Global spending on IT outsourcing (ITO) services is set to reach US$251.7 billion this year, increasing 2.1 percent from US$246.6 billion in 2011, with the Asia-Pacific region expected to see the highest growth.
According to figures released by Gartner on Tuesday, ITO spending in Asia-Pacific will grow 1 percent in U.S. dollars in 2012 and exceed 2.5 percent growth in 2013. Other than Japan, Australia, New Zealand, Singapore and Hong Kong, markets in the Asia-Pacific region are relatively new in terms of outsourcing usage, understanding and sophistication, the research firm said.
Growth here is driven by the large inflow of capital in Asia over the past three to five years, spurring the need among global and regional businesses to scale up their operations. There may, however, be some impact from the ongoing business slowdownand , Gartner noted.
In terms of the fastest-growth segment within ITO, the research firm pointed to cloud compute services--part of the infrastructure as a service (IaaS) segment--which is expected to grow 48.7 percent in 2012 to US$5 billion, up from US$3.4 billion in 2011.
Gregor Petri, research director at Gartner, said in the report: "Today, cloud compute services primarily provide automation of basic functions. As next-generation business applications come to market and existing applications are migrated to use automated operations and monitoring, increased value in terms of service consistency, agility and personnel reduction will be delivered."
However,may negatively impact growth in some regions, especially if providers are slow in bringing localized products to market, Petri warned.
Datacenter outsourcing (DCO), while a mature segment representing 34.5 percent of the overall ITO market last year, will decline by 1 percent this year.
DCO is at a major tipping point, with various datacenter processing systems gradually replaced by new delivery models through 2016, explained Bryan Britz, research director at Gartner. These new services enable providers to address new categories of clients, extending DCO from traditional large organizations into small and midsize businesses (SMB), Britz added.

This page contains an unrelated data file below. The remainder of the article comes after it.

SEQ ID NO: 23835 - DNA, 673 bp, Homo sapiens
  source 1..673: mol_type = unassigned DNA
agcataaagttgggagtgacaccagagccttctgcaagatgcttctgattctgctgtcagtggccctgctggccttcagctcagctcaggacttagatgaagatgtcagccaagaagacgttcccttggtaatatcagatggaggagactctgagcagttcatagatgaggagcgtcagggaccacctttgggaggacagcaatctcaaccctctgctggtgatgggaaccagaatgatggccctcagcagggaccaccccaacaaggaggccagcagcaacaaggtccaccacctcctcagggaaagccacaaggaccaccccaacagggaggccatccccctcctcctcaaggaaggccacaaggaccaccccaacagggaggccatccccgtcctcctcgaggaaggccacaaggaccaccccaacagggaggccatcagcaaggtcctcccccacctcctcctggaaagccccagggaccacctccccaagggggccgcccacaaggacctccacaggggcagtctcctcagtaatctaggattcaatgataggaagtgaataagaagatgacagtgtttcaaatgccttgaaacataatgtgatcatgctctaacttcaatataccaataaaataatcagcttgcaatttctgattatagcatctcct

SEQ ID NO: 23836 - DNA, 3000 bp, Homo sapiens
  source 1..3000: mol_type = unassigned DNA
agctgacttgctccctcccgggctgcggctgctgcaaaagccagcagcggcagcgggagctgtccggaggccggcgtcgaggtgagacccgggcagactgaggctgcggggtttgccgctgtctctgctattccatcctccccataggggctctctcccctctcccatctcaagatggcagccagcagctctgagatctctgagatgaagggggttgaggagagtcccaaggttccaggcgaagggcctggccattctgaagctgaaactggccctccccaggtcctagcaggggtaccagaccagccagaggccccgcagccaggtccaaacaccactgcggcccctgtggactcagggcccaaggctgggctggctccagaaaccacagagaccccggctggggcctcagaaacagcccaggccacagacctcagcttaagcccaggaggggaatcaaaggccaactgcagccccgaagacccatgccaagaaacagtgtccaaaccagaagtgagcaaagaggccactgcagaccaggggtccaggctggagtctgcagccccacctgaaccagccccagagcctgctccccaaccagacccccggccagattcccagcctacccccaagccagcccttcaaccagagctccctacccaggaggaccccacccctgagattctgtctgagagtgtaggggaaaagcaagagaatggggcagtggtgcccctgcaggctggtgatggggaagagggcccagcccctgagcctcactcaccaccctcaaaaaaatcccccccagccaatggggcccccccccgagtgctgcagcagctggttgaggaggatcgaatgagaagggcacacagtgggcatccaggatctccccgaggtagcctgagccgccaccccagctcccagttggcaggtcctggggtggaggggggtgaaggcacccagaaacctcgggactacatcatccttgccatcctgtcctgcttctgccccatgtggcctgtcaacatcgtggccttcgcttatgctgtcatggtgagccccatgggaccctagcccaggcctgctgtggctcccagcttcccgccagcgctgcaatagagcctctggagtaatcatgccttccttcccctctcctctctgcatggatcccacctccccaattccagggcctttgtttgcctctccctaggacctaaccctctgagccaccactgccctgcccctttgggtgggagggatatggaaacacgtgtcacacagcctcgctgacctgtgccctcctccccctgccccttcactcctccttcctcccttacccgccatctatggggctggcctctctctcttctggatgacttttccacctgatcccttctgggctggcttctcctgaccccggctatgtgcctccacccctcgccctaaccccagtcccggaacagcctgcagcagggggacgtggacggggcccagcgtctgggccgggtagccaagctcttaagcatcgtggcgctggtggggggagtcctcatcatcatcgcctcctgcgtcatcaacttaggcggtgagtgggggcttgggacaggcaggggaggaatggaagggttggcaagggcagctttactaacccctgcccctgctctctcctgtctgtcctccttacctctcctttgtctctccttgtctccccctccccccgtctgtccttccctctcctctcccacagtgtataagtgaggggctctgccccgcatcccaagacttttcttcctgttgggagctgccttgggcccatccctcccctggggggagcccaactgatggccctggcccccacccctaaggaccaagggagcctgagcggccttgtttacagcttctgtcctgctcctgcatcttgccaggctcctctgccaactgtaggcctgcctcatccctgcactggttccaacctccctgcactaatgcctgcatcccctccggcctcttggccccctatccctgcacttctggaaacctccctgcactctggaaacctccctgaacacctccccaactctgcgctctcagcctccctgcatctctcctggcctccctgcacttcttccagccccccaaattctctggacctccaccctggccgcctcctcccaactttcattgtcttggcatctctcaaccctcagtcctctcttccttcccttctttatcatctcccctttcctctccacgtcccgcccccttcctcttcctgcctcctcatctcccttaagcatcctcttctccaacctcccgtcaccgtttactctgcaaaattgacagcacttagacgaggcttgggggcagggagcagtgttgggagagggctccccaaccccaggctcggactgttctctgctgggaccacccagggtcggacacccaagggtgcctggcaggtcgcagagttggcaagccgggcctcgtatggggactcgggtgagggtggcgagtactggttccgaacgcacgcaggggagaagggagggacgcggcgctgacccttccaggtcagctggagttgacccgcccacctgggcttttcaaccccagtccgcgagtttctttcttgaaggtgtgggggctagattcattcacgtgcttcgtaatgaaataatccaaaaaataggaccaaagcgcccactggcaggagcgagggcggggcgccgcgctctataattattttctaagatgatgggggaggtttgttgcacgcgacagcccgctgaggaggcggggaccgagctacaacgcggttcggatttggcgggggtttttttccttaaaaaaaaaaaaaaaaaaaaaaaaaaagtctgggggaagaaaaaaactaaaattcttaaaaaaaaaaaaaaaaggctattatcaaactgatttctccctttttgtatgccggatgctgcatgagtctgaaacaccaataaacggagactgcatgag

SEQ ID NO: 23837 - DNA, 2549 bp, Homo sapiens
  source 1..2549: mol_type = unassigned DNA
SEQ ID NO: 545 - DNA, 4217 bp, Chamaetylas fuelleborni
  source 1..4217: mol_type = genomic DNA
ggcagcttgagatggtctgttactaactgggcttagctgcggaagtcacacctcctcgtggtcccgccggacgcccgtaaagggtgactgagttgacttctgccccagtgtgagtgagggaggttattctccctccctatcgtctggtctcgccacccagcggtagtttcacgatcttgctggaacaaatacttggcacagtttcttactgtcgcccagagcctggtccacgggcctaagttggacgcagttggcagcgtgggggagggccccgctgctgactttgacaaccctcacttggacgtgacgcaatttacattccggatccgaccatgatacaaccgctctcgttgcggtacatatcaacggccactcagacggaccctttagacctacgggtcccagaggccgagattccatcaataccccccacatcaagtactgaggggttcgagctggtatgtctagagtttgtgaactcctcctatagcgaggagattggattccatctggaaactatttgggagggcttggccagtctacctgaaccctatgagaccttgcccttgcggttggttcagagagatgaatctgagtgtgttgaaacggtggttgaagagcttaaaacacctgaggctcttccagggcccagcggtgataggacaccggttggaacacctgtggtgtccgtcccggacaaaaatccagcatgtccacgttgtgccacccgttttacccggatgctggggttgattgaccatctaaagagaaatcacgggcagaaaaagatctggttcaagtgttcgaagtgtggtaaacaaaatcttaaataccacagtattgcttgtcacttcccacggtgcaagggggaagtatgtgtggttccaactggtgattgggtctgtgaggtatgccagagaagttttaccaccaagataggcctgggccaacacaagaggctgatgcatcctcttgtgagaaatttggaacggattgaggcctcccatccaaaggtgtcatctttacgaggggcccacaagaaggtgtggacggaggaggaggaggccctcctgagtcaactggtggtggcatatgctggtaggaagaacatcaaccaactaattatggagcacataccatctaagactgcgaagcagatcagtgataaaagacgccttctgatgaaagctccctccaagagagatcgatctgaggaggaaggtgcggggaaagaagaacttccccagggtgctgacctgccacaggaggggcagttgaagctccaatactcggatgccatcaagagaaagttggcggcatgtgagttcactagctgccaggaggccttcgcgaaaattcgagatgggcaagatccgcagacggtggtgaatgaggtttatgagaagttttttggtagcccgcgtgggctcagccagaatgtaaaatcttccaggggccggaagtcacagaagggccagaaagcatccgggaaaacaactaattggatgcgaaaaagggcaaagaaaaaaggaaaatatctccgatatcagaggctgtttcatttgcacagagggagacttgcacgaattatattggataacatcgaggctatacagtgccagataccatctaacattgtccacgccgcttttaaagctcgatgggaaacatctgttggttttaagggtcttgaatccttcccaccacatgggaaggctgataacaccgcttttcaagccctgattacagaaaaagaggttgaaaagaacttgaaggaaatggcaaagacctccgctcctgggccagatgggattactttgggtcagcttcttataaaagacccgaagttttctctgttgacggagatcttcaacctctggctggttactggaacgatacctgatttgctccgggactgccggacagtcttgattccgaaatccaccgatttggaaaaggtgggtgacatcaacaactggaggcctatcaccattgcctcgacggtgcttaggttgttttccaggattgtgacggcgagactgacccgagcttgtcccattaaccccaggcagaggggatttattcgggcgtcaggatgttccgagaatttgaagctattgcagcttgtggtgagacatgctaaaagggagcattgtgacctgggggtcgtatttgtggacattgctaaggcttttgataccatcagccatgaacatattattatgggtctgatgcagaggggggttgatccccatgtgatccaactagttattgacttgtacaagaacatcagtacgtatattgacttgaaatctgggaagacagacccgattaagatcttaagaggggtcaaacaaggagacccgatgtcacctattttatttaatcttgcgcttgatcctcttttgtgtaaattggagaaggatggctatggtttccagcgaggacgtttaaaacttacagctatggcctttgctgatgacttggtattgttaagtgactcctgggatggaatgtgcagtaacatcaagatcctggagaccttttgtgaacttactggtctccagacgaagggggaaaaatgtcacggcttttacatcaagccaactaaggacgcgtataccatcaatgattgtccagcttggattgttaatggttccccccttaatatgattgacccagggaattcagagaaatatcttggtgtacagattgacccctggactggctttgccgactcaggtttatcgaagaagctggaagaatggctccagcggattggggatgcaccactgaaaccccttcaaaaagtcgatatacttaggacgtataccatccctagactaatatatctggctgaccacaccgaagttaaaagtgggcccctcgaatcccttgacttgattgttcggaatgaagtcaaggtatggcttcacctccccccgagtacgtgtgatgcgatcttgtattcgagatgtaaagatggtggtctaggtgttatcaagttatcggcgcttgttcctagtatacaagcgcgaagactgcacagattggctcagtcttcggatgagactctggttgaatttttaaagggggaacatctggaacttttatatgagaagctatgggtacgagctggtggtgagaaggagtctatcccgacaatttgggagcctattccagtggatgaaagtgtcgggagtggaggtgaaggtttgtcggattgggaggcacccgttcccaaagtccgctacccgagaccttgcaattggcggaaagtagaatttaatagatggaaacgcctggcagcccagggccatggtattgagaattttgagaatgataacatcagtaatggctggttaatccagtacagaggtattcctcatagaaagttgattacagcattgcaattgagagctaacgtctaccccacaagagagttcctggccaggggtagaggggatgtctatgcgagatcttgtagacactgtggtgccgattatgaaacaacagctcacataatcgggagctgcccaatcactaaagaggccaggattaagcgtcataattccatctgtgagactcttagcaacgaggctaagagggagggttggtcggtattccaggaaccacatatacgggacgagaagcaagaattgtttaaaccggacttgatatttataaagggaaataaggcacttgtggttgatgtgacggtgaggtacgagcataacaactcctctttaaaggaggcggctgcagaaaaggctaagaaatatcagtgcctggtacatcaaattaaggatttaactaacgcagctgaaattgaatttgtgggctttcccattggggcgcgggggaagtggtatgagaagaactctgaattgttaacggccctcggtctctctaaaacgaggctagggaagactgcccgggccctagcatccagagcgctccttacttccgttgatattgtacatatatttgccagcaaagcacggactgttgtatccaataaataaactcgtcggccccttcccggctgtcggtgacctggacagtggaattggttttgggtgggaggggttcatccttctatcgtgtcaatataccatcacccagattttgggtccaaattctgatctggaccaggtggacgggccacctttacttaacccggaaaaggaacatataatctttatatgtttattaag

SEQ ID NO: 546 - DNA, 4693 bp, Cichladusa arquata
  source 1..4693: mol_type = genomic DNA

According to Gartner, the application outsourcing (AO) segment is expected to hit US$40.7 billion, a 2 percent increase from 2011's spending of US$39.9 billion. This growth reflects enterprises' need to manage extensive legacy application environments and commercial off-the-shelf packages which run the business, it said.
Britz said enterprise buyers are now cautious with the burden of managing the legacy portfolio and limitations of IT budgets, and prefer a more evolutionary approach to other application services, such as software-as-a-service (SaaS).
New applications will be largely packaged or SaaS-deployed to extend and modernize the portfolio in an incremental manner, he noted. While custom applications will stay important for many organizations, the trend over the next few years to SaaS-enablement in the cloud will be reflected in the AO growth outlook, he said.